For most of the season's second half, the Chargers have used a curious approach with regard to Woodhead's workload. After some early-season success, the team declined to give him very many touches. In this game, his workload increased dramatically (due in part to the Melvin Gordon injury). Not surprisingly, Woodhead was very effective with the touches he got, scoring four times on fourteen touches. And also not surprisingly, the Chargers played better than they have in a long time. Right from the outset, Woodhead was more involved. He made a nice out and up move down the sideline to score on the game's opening drive. Soon after a long pass play to wide receiver Dontrelle Inman, he scored the first rushing touchdown for San Diego in 289 carries (Week 1). Once Gordon left the game with an injury, Woodhead continued to be the focal point of the offense, especially in the red zone. He snuck into the front corner of the end zone, where Rivers hit him with a bullet pass in a tight window. Woodhead converted the diving play into his third touchdown of the first half. He added a career-high fourth touchdown in the second half on a quick slant over the middle. He got between defenders and lunged into the end zone to cap of his career day.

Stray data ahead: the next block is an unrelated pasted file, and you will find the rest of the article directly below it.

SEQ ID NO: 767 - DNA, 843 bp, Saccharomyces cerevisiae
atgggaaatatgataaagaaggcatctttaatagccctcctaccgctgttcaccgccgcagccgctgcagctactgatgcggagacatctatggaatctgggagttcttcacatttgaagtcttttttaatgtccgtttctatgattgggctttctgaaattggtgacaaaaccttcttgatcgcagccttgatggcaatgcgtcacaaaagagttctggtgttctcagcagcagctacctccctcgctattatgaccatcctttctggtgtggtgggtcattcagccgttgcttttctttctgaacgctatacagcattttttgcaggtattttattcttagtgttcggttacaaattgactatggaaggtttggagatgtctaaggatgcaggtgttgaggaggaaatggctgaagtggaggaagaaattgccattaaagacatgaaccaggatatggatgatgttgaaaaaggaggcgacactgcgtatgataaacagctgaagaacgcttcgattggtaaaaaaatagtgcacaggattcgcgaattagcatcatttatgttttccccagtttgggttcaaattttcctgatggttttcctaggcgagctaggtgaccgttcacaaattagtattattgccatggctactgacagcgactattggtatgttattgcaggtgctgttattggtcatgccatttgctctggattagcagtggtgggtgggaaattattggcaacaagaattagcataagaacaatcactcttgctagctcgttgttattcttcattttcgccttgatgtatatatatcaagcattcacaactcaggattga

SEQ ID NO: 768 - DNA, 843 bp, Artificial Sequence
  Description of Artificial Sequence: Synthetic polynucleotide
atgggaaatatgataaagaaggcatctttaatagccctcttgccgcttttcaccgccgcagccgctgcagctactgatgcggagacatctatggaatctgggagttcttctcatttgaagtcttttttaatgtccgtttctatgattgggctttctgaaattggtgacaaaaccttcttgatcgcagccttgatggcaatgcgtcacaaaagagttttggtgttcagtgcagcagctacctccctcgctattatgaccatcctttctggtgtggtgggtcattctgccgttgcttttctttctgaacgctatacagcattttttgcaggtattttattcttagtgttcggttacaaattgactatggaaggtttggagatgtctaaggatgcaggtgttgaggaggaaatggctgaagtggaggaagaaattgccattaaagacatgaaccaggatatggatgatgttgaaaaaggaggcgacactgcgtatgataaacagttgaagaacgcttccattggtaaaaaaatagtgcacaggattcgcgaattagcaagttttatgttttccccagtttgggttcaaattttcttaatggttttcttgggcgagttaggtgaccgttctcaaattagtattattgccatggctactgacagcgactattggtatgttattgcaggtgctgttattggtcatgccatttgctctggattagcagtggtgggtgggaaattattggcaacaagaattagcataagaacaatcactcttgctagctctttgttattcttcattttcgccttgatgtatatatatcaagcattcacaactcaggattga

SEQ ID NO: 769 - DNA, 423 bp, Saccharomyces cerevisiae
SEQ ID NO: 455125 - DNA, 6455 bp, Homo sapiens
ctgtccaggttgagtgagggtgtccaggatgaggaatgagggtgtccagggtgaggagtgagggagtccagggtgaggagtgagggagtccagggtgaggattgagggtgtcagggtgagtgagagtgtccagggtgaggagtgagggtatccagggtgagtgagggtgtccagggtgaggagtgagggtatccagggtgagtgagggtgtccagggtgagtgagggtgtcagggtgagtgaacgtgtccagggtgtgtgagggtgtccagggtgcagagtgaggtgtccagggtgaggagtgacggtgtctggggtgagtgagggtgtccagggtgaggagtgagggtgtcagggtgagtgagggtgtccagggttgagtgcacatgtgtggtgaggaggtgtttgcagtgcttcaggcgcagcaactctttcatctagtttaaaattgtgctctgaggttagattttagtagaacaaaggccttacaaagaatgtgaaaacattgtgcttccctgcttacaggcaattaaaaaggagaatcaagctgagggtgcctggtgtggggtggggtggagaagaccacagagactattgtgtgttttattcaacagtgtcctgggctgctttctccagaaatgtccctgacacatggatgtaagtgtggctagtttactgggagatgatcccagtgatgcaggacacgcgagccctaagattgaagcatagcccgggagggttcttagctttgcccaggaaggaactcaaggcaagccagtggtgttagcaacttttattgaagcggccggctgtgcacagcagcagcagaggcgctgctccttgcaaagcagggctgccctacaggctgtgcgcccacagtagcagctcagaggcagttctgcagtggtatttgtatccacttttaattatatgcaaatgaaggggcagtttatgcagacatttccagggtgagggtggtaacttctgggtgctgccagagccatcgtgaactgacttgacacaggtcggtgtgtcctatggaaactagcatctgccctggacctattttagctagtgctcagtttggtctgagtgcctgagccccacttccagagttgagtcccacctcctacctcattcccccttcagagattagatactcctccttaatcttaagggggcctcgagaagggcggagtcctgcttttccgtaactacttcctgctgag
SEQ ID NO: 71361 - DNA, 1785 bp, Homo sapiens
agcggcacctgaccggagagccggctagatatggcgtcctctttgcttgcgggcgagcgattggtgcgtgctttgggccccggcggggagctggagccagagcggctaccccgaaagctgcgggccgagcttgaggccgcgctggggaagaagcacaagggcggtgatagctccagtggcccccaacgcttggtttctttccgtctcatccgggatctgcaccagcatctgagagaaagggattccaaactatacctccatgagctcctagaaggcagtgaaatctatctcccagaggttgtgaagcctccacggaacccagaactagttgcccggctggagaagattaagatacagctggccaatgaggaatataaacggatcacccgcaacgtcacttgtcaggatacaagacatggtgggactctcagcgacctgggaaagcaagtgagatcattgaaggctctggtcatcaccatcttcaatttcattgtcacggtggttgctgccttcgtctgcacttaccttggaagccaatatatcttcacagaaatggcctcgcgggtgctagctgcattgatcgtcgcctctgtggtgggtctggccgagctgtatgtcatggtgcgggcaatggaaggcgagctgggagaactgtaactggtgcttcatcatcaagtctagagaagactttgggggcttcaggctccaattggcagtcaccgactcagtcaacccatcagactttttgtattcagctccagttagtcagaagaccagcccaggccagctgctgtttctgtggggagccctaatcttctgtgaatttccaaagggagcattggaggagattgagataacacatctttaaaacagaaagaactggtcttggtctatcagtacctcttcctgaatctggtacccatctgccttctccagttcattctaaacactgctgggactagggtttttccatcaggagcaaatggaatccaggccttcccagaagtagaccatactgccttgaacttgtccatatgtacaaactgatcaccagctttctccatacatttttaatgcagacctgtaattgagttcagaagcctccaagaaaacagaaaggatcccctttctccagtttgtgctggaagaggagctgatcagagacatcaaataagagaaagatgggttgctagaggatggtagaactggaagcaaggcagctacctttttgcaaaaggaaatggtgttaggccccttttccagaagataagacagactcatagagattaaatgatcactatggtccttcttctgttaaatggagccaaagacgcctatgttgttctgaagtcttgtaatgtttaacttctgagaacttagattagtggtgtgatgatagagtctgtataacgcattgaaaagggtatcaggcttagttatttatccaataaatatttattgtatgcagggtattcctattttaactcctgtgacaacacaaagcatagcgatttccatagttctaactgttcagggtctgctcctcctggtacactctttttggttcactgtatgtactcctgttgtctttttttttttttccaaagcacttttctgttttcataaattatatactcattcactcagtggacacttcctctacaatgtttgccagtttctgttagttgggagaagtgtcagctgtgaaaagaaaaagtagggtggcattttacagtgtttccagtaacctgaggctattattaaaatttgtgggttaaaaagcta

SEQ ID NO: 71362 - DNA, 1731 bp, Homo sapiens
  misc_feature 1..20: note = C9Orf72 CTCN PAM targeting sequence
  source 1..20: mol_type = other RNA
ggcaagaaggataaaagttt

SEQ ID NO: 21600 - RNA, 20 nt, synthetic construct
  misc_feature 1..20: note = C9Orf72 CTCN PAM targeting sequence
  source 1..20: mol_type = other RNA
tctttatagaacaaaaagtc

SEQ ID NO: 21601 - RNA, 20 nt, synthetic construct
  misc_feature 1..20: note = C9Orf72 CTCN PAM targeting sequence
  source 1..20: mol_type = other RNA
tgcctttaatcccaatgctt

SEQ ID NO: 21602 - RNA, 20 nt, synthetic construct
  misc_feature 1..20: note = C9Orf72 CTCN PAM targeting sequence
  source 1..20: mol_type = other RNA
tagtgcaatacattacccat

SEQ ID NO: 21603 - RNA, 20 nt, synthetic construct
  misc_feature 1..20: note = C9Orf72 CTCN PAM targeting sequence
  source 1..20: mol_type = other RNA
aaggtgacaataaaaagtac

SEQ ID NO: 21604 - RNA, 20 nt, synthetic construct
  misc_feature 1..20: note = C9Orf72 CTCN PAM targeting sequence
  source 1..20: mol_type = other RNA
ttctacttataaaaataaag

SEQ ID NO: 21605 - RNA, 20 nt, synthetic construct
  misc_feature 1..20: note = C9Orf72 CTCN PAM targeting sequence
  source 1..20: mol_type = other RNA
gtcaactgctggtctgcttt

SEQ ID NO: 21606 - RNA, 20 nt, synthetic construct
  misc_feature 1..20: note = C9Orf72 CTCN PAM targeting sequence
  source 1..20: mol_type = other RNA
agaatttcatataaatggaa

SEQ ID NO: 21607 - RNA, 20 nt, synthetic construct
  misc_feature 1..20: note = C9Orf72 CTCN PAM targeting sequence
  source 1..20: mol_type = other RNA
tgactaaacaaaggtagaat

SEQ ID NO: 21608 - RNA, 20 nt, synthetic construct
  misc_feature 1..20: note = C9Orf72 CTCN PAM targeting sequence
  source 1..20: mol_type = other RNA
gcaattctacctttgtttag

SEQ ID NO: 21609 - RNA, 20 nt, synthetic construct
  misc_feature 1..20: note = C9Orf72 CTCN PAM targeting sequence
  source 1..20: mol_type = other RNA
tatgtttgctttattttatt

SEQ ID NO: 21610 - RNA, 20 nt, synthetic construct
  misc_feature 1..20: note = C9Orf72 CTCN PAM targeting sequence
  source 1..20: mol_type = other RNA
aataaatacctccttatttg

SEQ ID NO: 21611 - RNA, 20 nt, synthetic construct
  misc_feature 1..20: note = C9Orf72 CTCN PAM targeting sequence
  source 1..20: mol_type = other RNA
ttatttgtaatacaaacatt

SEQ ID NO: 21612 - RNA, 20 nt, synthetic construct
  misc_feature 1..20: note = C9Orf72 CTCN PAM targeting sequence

2015 Week 14 vs KC (3 / 5 / 0 rush, 6 / 3 / 8 / 0 rec)
Woodhead's role has shrunk in the second half of the season to be more of a pure backup runner than the 1 and 1A scenario he ane rookie Melvin Gordon enjoyed early on. Woodhead got a couple of looks in the passing game, one of which was a terrific one-handed catch that he corraled over his head before cradling it into his body. But it was too little too late, as he couldn't reach the first down marker on a third and long play. His key target came on the game's final play when Rivers looked for him in the back of the end zone. The pass led him perfectly to the only spot on the field that was open, but the ball rolled off Woodhead's arms/hands and fell harmlessly incomplete, ending the game.